Duck Duck Book

5 – matchbox labels
11.8.2004, 12:04 am
Filed under: art & entertainment

Matchbox labels : over 2,000 elegant examples from all over the world / Jane Smith ; captions by Natasha Lomas.
Richmond Hill, Ont. : Firefly, c2004.
[MCL call number: 741.694 S651m 2004; two copies, no holds]

This odd little collector's book contains reproductions of matchbox labels arranged by type. The book's nine sections display matchbox covers with people, architecture, transport, animals, the natural world, objects, industry, leisure, and graphics. Flipping through this book you will see sweet little illustrations of workers, hotels, airplanes, ping pong equipment, nature scenes, socks and scarves, glamorous cigarette-smoking ladies, toothpaste, families reading the newspaper together, and much much more. (There is a whole page of elephant matchboxes!) The illustrations are in full color and are beautiful. Text in English, French, and Spanish.


5 – imaginary people
11.8.2004, 12:03 am
Filed under: literature

Imaginary people : a who’s who of fictional characters from the eighteenth century to the present day / David Pringle.
Aldershot, England : Brookfield, VT. : Scolar Press ; Ashgate Publishing, 1996.
[MCL call number: R-809.927 P957i 1996; two copies, reference only at Central and Midland]

There are a lot of dictionaries and encyclopedias that give information on imaginary people, and most focus on Great White Literature and leave out characters from children’s books, comics, mystery novels and other ‘genre’ literature. 

Pringle writes in his introduction that his focus is on characters created in the English speaking world, and emphasizes that his sources include those outside of the world of novels, but even with that in mind the book shows some of the same gaps I listed above.  The book includes entries for Alice of Wonderland fame, the Borrowers, Perry Mason, Betty Boop, V.I. Warshaksi, Tintin, and Andy Capp; but Moomin (from Tove Janson’s Moominfamily series) Pippi Longstocking, Marlys (of Ernie Pook’s Comeek), and Arkady Renko (Gorky Park) are nowhere to be found.  Death is listed, but it’s the old, bony guy with the scythe, with no note about the goth girl from the Sandman series.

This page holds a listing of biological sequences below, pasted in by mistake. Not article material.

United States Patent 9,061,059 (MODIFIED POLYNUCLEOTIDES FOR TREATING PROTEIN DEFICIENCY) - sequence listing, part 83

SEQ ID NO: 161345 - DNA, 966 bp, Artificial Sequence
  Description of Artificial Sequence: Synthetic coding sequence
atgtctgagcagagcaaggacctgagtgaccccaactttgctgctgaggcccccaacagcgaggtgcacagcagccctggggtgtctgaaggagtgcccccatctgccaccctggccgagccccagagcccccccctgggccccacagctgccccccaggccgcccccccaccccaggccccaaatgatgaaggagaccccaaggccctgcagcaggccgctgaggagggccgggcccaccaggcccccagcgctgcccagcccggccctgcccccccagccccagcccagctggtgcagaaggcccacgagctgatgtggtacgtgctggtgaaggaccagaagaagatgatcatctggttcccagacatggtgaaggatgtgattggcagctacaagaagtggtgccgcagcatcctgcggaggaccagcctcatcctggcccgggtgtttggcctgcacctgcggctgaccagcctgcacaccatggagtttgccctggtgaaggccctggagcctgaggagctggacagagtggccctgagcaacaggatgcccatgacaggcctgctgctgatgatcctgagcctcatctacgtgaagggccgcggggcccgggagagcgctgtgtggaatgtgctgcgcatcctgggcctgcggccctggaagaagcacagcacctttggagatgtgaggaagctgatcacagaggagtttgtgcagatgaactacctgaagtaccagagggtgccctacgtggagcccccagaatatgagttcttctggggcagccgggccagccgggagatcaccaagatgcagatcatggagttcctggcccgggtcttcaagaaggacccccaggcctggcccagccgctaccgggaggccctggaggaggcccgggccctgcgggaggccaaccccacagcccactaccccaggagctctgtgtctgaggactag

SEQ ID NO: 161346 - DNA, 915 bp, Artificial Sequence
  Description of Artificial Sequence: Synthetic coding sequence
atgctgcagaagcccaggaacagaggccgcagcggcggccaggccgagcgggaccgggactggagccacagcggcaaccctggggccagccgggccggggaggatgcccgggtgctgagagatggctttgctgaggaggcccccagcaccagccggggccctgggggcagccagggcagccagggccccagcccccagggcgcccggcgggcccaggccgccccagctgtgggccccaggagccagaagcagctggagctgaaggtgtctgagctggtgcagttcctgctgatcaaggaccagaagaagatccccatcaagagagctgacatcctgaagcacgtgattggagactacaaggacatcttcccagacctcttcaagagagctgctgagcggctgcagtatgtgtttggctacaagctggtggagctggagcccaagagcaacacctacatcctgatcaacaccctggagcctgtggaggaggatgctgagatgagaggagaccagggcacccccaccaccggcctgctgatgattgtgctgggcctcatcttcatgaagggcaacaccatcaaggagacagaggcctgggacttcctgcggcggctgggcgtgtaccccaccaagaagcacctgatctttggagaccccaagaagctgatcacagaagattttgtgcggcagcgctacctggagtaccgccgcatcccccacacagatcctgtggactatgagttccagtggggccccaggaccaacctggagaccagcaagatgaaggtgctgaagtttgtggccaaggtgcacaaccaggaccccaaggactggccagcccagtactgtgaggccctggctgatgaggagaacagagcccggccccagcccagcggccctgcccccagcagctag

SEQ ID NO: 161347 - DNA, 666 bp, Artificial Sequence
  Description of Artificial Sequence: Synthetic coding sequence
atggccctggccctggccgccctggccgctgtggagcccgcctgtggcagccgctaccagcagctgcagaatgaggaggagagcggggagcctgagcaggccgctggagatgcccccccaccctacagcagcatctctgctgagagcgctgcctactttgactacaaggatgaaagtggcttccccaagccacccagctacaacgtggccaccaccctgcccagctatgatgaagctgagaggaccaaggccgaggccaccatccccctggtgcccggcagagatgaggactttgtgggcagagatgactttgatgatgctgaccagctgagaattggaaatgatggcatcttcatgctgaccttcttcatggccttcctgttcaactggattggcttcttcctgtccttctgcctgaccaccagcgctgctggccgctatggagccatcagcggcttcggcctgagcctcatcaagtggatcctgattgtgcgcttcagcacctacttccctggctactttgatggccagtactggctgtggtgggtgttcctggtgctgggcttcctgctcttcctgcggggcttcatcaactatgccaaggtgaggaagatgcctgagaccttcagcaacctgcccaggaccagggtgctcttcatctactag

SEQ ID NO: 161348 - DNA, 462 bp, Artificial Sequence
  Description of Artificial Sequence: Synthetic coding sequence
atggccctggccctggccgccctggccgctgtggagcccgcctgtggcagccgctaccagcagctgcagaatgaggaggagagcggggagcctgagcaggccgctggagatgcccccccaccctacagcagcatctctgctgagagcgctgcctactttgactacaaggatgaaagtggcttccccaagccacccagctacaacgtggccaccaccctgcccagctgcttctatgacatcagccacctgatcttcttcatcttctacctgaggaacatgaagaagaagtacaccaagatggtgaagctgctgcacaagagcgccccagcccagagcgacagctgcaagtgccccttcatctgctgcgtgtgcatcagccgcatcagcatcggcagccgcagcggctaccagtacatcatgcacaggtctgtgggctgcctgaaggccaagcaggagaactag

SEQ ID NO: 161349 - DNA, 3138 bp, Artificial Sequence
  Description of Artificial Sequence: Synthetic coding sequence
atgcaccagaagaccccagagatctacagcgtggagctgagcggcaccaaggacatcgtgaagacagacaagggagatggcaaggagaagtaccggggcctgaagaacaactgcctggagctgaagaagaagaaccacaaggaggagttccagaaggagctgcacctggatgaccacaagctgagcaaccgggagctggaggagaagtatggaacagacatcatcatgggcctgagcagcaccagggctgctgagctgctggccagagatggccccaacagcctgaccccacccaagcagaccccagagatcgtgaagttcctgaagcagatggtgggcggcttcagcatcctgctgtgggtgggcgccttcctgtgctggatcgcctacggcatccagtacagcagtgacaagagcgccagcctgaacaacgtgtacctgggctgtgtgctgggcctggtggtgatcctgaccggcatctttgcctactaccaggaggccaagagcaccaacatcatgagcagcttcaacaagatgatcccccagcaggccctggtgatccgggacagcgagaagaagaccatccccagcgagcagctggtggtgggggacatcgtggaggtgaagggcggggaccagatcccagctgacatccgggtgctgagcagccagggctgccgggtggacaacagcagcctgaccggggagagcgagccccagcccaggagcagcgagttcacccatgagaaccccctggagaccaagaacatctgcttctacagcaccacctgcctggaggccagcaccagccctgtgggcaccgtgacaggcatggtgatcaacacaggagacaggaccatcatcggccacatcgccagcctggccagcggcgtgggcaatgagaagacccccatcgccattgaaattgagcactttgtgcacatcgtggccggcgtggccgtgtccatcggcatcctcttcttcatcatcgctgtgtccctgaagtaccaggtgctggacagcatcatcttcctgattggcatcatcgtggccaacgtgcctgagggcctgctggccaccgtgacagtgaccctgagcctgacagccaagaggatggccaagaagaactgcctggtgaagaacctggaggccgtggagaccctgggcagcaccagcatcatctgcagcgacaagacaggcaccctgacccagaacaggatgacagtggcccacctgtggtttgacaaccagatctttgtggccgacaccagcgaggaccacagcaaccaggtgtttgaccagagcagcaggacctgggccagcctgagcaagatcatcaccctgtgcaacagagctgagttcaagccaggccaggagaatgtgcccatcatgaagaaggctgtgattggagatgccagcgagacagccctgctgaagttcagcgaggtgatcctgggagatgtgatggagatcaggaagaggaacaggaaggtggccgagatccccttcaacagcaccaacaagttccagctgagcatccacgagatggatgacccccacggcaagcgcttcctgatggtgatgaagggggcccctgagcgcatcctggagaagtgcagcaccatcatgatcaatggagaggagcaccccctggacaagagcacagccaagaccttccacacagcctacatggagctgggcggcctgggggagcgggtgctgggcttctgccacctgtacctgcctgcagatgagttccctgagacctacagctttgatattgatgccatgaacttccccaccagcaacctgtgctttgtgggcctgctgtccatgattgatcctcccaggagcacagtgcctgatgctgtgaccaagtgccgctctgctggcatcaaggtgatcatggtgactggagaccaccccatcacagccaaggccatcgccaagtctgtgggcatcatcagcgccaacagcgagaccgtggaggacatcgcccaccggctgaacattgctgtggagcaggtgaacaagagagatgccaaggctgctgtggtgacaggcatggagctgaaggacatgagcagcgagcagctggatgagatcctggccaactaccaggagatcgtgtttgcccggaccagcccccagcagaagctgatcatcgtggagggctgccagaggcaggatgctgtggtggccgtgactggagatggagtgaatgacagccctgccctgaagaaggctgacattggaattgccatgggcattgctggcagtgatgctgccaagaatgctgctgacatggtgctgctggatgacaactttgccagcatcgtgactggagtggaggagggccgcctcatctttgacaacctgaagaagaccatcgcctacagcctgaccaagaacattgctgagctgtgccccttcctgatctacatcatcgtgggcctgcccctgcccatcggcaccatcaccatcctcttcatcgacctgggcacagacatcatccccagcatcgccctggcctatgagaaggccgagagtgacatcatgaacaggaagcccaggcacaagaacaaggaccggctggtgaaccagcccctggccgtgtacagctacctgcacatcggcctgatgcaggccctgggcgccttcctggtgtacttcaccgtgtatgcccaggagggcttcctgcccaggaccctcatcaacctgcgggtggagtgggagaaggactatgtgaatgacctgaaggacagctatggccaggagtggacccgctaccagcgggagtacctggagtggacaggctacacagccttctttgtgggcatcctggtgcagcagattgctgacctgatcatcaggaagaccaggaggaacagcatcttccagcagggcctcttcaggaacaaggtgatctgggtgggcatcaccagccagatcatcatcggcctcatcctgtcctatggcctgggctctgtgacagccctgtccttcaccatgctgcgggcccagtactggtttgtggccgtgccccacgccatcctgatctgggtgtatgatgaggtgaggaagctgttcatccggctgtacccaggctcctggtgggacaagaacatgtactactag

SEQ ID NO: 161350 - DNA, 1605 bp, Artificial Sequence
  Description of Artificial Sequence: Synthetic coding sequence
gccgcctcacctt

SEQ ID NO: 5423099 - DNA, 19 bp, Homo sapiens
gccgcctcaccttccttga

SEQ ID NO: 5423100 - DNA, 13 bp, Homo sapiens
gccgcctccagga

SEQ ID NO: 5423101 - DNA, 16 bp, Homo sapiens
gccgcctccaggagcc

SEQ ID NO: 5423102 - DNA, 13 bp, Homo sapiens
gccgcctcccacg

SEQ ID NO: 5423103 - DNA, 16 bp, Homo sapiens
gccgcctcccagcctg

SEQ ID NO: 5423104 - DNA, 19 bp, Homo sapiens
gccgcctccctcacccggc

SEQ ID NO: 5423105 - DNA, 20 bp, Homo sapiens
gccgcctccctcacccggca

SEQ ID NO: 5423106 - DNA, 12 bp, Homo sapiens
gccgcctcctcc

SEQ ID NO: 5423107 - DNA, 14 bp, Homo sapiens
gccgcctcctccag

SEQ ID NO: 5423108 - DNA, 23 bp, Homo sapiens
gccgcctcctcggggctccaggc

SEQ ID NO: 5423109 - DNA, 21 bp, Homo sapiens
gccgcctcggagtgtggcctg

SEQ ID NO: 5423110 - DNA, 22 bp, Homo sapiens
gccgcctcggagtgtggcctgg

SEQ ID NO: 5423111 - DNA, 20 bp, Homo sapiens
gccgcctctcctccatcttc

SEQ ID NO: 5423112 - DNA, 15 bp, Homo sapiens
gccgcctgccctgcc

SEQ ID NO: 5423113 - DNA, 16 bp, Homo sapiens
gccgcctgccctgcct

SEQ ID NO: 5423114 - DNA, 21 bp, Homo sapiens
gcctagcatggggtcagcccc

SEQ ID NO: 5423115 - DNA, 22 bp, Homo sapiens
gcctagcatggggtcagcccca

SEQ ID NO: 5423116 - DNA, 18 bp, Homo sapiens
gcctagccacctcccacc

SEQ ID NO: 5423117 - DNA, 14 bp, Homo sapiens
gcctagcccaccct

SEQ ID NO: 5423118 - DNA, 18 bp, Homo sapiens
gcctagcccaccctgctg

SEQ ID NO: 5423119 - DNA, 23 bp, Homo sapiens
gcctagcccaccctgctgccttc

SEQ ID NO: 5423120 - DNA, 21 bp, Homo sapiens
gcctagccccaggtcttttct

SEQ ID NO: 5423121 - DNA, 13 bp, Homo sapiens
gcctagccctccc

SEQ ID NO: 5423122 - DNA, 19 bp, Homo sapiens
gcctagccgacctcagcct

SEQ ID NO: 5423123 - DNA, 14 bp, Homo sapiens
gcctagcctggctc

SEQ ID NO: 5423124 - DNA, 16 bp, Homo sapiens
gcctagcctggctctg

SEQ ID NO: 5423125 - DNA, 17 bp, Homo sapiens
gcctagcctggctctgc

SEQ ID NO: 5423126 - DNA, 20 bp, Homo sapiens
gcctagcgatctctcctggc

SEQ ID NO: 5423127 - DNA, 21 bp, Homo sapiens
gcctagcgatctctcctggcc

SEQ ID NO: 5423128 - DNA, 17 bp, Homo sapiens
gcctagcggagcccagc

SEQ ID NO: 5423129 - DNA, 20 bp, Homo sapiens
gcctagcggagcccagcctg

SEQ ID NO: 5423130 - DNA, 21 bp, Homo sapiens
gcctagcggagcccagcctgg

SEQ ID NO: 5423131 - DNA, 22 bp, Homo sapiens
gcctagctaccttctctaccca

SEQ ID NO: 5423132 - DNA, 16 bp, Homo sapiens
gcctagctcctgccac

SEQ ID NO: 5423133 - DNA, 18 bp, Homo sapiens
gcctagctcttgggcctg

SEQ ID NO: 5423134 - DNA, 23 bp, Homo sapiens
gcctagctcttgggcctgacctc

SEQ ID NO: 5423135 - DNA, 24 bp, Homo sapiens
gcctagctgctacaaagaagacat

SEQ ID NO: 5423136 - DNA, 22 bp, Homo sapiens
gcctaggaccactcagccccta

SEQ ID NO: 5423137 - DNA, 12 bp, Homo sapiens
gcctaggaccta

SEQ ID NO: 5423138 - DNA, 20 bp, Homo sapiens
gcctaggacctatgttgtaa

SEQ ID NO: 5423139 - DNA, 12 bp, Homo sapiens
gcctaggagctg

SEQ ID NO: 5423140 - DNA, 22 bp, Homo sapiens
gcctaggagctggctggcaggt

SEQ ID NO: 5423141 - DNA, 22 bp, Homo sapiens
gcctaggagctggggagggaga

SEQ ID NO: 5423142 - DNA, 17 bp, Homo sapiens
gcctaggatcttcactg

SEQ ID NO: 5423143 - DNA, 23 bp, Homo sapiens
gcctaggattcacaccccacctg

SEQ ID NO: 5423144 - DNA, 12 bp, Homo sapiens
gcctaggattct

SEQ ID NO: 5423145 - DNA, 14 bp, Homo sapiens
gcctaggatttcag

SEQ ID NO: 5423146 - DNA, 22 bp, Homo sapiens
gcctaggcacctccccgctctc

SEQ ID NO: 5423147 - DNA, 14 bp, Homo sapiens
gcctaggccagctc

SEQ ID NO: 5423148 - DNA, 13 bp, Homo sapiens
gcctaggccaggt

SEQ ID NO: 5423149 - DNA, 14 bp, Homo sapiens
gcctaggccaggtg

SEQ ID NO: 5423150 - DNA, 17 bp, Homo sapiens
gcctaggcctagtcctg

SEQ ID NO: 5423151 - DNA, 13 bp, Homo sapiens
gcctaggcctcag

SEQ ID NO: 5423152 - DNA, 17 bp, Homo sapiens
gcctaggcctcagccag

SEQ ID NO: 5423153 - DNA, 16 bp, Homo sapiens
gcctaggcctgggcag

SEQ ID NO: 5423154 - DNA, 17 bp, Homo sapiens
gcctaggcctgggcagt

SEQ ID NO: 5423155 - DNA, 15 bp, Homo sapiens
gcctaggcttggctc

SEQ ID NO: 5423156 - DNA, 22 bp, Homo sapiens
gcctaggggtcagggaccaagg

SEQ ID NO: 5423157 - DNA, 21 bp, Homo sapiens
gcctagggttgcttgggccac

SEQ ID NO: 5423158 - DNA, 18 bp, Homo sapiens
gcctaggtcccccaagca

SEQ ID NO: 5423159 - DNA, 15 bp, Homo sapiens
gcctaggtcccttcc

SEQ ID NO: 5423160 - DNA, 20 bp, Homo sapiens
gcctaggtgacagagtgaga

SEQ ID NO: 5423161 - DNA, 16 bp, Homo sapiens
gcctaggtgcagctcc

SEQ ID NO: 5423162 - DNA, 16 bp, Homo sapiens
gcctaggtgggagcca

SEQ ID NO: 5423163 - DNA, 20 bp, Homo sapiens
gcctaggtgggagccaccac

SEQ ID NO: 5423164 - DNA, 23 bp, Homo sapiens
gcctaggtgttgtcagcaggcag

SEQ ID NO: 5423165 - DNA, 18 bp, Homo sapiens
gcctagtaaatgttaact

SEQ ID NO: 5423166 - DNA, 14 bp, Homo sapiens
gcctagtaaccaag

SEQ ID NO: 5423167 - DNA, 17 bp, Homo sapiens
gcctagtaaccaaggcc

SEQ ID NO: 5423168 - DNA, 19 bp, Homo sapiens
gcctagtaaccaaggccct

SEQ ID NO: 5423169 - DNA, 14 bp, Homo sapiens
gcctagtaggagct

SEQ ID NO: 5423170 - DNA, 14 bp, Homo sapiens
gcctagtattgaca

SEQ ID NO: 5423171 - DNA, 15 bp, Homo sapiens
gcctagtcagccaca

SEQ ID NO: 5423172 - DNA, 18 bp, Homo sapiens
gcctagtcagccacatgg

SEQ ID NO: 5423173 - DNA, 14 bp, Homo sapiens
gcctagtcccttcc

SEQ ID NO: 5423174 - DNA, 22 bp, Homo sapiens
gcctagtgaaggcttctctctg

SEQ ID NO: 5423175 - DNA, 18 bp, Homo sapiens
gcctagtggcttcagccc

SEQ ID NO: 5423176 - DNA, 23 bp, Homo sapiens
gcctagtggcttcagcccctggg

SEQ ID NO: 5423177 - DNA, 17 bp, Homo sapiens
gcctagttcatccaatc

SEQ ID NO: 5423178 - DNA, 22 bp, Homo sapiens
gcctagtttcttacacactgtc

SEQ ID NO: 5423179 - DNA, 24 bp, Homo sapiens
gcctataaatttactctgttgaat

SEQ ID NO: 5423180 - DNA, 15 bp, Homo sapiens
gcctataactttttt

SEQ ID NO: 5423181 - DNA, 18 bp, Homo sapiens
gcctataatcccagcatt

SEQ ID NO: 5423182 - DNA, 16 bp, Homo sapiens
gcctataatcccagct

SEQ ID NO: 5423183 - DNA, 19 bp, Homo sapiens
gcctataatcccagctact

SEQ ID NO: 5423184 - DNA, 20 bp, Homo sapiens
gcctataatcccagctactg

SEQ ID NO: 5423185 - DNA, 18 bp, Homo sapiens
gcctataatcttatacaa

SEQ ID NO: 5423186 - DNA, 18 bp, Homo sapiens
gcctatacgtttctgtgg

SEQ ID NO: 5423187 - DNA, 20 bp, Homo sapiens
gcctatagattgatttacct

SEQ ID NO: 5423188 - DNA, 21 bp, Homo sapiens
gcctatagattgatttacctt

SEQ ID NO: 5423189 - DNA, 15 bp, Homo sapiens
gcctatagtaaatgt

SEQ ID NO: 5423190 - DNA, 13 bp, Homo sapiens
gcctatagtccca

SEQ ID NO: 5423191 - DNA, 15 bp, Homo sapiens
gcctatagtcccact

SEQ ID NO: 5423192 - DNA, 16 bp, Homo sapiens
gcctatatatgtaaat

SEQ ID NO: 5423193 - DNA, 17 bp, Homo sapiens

So what’s my point?  Not everyone you want to find is in this book.  But then, it’s only 296 pages long.  The entries are well-written and interesting, with citations for works in which each character has appeared.  The book has a nice indexes to creators (authors, cartoonists, etc.) in the back, and a really long bibliography. 

5 – encyclopedia of chicago
11.8.2004, 12:02 am
Filed under: history & geography

The encyclopedia of Chicago / edited by James R. Grossman, Ann Durkin Keating, Janice L. Reiff ; cartographic editor, Michael P. Conzen.
Chicago : University of Chicago Press, 2004.
[MCL call number: 977.311 E56 2004; two copies, no holds]

An encyclopedia, all about Chicago.  Neighborhoods, communities, political history, municipal projects, businesses, organizations, and famous daughters and sons of the city.  It seems to focus on historical information (that is, before 1980 or so), and has many lovely photographs, maps, and other illustrations throughout. 

As with many encyclopedias, the internal arrangement provides amusement to the reader who examines each subject’s neighbors on the page.  For example, because my mind is not arranged in alphabetical order, I do not think of the Industrial Workers of the World right before I think of Infrastructure.  And yet there these two very useful articles are, side by side. 

In general the range of topics is good.  Some examples of articles I found interesting are: Kindergarten Movement; Housing, Mail-Order; Haymarket and May Day (naturally!); Book Arts; Underground Economy; Leisure (includes maps of where movie theaters were located in different years); Gas Stations; and Religious Geography. 

There is a long section on Racism, Ethnicity, and White Identity, but I wanted an entry for Emmett Till.  He’s not even in the index.  Also, more information about Chicago’s outdoor murals would have suited me (murals are touched on in the sections on Graffiti and Art, Public, but don’t merit their own entry).  But I don’t know if you all care about these things.

The main encyclopedia is followed by a dictionary of leading Chicago businesses (1820-2000), a biographical dictionary, a list of Chicago mayors, population data for Chicagoland cities, and an index.  There is also an extensive timeline in a glossy color section in the middle of the volume.

Even though this book is far from perfect, I wish there were a series of such encyclopedias, one for every city.

[n.b., please see the addendum to this entry, dated 6.9.2005]

5 – sequential tart
11.8.2004, 12:01 am
Filed under: art & entertainment, websites

Sequential tart [periodical].

A magazine about comics, by and for women. Sensible and fanciful, informational and amusing, and generally worth visiting.